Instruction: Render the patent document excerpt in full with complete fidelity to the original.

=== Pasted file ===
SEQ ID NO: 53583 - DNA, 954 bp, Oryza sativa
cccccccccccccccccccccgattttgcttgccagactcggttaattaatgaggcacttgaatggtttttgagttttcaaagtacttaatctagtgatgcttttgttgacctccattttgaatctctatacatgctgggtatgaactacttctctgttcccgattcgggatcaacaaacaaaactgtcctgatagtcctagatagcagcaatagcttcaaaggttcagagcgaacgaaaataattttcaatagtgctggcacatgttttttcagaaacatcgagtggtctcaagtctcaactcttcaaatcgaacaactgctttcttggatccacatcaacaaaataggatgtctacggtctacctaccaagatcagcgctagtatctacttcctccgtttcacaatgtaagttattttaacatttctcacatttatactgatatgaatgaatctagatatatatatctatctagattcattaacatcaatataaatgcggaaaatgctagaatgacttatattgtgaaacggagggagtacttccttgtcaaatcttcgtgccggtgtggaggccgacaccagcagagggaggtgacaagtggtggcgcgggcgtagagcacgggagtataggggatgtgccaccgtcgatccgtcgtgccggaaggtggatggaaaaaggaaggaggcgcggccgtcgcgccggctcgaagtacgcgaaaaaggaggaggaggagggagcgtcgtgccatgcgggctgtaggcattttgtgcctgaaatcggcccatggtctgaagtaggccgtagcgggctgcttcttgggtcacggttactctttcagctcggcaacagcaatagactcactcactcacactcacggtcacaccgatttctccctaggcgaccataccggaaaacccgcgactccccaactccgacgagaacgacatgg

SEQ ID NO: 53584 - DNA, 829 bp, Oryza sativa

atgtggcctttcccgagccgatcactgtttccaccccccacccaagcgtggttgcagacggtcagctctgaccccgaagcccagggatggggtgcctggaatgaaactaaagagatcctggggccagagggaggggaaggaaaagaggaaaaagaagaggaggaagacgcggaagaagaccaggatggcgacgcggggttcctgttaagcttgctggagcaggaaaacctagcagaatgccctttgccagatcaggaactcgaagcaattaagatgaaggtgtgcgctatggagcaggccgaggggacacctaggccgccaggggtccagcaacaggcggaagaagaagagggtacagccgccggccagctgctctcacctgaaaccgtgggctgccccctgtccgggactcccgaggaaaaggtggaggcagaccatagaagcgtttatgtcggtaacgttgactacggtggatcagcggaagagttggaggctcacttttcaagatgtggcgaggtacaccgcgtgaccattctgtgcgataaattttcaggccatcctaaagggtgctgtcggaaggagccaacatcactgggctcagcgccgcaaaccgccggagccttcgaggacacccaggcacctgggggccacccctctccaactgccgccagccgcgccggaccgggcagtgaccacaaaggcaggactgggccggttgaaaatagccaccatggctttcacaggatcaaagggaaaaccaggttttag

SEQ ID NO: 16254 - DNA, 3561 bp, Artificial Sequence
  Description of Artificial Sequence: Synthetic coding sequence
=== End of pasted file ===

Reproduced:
SEQ ID NO: 53583 - DNA, 954 bp, Oryza sativa
cccccccccccccccccccccgattttgcttgccagactcggttaattaatgaggcacttgaatggtttttgagttttcaaagtacttaatctagtgatgcttttgttgacctccattttgaatctctatacatgctgggtatgaactacttctctgttcccgattcgggatcaacaaacaaaactgtcctgatagtcctagatagcagcaatagcttcaaaggttcagagcgaacgaaaataattttcaatagtgctggcacatgttttttcagaaacatcgagtggtctcaagtctcaactcttcaaatcgaacaactgctttcttggatccacatcaacaaaataggatgtctacggtctacctaccaagatcagcgctagtatctacttcctccgtttcacaatgtaagttattttaacatttctcacatttatactgatatgaatgaatctagatatatatatctatctagattcattaacatcaatataaatgcggaaaatgctagaatgacttatattgtgaaacggagggagtacttccttgtcaaatcttcgtgccggtgtggaggccgacaccagcagagggaggtgacaagtggtggcgcgggcgtagagcacgggagtataggggatgtgccaccgtcgatccgtcgtgccggaaggtggatggaaaaaggaaggaggcgcggccgtcgcgccggctcgaagtacgcgaaaaaggaggaggaggagggagcgtcgtgccatgcgggctgtaggcattttgtgcctgaaatcggcccatggtctgaagtaggccgtagcgggctgcttcttgggtcacggttactctttcagctcggcaacagcaatagactcactcactcacactcacggtcacaccgatttctccctaggcgaccataccggaaaacccgcgactccccaactccgacgagaacgacatgg

SEQ ID NO: 53584 - DNA, 829 bp, Oryza sativa

atgtggcctttcccgagccgatcactgtttccaccccccacccaagcgtggttgcagacggtcagctctgaccccgaagcccagggatggggtgcctggaatgaaactaaagagatcctggggccagagggaggggaaggaaaagaggaaaaagaagaggaggaagacgcggaagaagaccaggatggcgacgcggggttcctgttaagcttgctggagcaggaaaacctagcagaatgccctttgccagatcaggaactcgaagcaattaagatgaaggtgtgcgctatggagcaggccgaggggacacctaggccgccaggggtccagcaacaggcggaagaagaagagggtacagccgccggccagctgctctcacctgaaaccgtgggctgccccctgtccgggactcccgaggaaaaggtggaggcagaccatagaagcgtttatgtcggtaacgttgactacggtggatcagcggaagagttggaggctcacttttcaagatgtggcgaggtacaccgcgtgaccattctgtgcgataaattttcaggccatcctaaagggtgctgtcggaaggagccaacatcactgggctcagcgccgcaaaccgccggagccttcgaggacacccaggcacctgggggccacccctctccaactgccgccagccgcgccggaccgggcagtgaccacaaaggcaggactgggccggttgaaaatagccaccatggctttcacaggatcaaagggaaaaccaggttttag

SEQ ID NO: 16254 - DNA, 3561 bp, Artificial Sequence
  Description of Artificial Sequence: Synthetic coding sequence